As more and more people spend greater amounts of their time on the roads driving, it is inevitable to meet with a multitude of events both good and bad. Unfortunate events can include road accidents, road rage, and dangerous driving, where we may want to capture as many evidence as possible for resolution and follow-up activities. We may also come across beautiful sceneries and interesting happenings which we would like to keep as memories during our family road-trips.
If you are a motorist looking to find out more about car cameras or dash cams, what they do, how to go about identifying your needs and buying them based upon their key features or characteristics, this article should help you narrow down your choices and let you know what to look out for.
What is a Car Camera?
A car camera or dash cam or driving video recorder is an electronic device that features a wide-angle, front-facing camera, digital video, and data recording. Being small in size, it is mounted on your windscreen and it records any incidents related to or around the vehicle. In the event of an accident that is through no fault of yours and with no witnesses to back you up against the other party, a vehicle video recorder will be able to work as video evidence, which minimizes ambiguity or false accusations. This way, making the usual exhausting and gruelling claims from insurance companies will be straightforward and hassle-free. These footages of the video recording are generally stored within an SD or MicroSD memory card that can be extracted or played back via computer media player application.
Advantages of Having a Car Camera
- Prove your case in unfortunate event of an accident
- Capture & report aggressive drivers or in cases of road rage
- Protect your parked vehicle (deter and capture evidence against vandalism & inadvertent damage)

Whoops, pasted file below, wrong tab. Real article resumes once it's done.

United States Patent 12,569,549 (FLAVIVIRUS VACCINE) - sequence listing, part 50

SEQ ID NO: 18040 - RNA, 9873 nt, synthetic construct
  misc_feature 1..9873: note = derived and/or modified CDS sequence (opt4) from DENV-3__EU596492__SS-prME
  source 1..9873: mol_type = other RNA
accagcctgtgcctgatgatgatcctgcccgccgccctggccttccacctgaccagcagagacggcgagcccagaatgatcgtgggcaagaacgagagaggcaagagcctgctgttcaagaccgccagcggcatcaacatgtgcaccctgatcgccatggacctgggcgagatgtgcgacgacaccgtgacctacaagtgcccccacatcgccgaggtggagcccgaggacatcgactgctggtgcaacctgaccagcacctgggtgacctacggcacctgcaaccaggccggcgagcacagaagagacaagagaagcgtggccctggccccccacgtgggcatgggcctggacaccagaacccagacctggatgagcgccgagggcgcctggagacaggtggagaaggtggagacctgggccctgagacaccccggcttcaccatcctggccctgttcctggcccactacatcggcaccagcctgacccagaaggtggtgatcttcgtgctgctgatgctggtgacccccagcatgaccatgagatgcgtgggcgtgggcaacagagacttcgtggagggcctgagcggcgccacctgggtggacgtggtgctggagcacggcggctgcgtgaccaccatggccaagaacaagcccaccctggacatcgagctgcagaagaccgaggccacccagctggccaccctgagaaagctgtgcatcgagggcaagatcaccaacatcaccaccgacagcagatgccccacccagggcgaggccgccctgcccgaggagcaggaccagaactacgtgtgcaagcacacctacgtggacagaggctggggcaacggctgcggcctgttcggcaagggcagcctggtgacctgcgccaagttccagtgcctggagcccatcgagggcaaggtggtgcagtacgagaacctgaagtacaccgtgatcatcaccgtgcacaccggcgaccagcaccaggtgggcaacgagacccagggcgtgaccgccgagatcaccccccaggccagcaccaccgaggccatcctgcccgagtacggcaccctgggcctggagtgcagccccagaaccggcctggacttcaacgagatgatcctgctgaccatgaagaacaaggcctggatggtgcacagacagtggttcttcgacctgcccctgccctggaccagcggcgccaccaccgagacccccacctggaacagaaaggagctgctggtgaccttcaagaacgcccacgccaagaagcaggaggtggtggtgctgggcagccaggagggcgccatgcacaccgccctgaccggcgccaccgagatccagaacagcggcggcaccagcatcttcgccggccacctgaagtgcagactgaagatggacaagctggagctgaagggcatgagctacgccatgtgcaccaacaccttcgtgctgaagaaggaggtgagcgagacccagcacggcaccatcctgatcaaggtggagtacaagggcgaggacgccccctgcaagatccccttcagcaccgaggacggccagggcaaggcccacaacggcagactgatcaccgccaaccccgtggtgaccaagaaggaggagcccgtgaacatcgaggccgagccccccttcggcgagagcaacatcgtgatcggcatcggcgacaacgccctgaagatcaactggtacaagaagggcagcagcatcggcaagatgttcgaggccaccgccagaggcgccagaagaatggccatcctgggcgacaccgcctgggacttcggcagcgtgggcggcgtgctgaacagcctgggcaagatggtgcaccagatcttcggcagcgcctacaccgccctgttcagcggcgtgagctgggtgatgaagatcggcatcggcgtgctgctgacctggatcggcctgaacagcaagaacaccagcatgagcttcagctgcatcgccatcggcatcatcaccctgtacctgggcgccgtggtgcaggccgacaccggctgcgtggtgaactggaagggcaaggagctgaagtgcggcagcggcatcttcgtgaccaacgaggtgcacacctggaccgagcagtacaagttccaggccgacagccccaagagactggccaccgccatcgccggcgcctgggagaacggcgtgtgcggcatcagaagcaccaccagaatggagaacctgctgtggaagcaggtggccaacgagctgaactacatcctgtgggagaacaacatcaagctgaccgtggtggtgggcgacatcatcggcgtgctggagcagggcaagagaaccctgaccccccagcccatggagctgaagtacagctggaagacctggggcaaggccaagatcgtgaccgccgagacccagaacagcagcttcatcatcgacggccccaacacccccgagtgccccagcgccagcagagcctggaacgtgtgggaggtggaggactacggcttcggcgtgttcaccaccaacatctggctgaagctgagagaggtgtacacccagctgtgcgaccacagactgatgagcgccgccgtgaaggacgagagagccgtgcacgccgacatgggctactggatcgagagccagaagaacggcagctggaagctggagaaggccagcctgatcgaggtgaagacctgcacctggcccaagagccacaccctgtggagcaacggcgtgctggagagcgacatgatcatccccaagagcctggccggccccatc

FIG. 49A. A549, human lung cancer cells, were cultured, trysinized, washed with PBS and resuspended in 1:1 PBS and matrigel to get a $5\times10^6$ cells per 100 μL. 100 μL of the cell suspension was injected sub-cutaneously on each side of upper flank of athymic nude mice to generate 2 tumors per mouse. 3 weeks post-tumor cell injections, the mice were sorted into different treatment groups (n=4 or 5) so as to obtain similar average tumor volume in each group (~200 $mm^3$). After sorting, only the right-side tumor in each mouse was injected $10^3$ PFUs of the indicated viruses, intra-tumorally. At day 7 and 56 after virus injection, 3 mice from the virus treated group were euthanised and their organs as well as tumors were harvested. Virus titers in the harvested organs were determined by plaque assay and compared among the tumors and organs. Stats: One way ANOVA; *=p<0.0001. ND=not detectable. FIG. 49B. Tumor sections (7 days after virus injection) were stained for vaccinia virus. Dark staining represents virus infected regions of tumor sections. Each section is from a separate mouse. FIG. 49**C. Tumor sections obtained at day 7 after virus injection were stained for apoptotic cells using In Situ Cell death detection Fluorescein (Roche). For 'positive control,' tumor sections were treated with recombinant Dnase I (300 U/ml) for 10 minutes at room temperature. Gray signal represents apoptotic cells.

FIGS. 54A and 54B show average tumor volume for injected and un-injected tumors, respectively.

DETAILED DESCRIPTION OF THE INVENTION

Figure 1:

- Protect against insurance fraud involving your car
- Protect against crash for cash scams
- Record your route and driving speed
- Monitor your employees and vehicle fleet
- Capture holiday and weekend trips
- Record sceneries and scenic routes
- Share fun or potentially viral events with your family, friends or the world (you could be the next YouTube super star)
Single vs Dual Channels
There is a large number of car cameras out there in the marketplace, with many options, features, and other differentiation that can make buying one seem daunting and complicated. In reality, there is not a single car camera that is the best for everybody, or the best for every situation. The best car camera is the one that meets all your unique needs and desired features.
When you hear someone mentions the number of channels in car cameras, it is referring to how many cameras you want in your vehicle and how many recording angles you want to cover. Single Channel or 1-Channel car cameras consist of only one front facing camera and Dual Channel or 2-Channel ones include both a front and rear facing camera. The front camera is mounted facing the front of the car on the front windscreen, while the rear camera is mounted facing the back on the rear car windscreen. Due to the added complexity of processing two video streams simultaneously, quality dual channel systems cost more than twice as much as comparable single channel cams. In some cases, you may even hear of a 4-Channel car camera setup, which record on all 4 sides of the car. In some instances, customers talk about a 2-Channel camera where the rear unit is facing the interior of the car – this can be used to record what’s happening internally in the car, e.g. in case of taxi or ride-sharing program drivers - to record what happens with passengers in the car, in case of evidence needed to resolve disputes between driver and passengers. The number of recording channels to get will depend on your budget, your requirements for the car camera, as well as the vehicle that you will be installing it in. At Asean365.com, we carry a good variety of both 1-Channel and 2-Channel car cameras from proven and established global brands. Some like the Philips GoSure ADR820 is positioned as a modular car camera, where you can buy the front camera, and add on a rear camera and/or GPS mount as an option at the same time or later on; but most other 1-Channel car cameras do not have the port for a rear camera. Or other like Philips GoSure ADR900 with WaveGuard Parking Monitoring, which enables you to record your car 24x7 even when it is parked.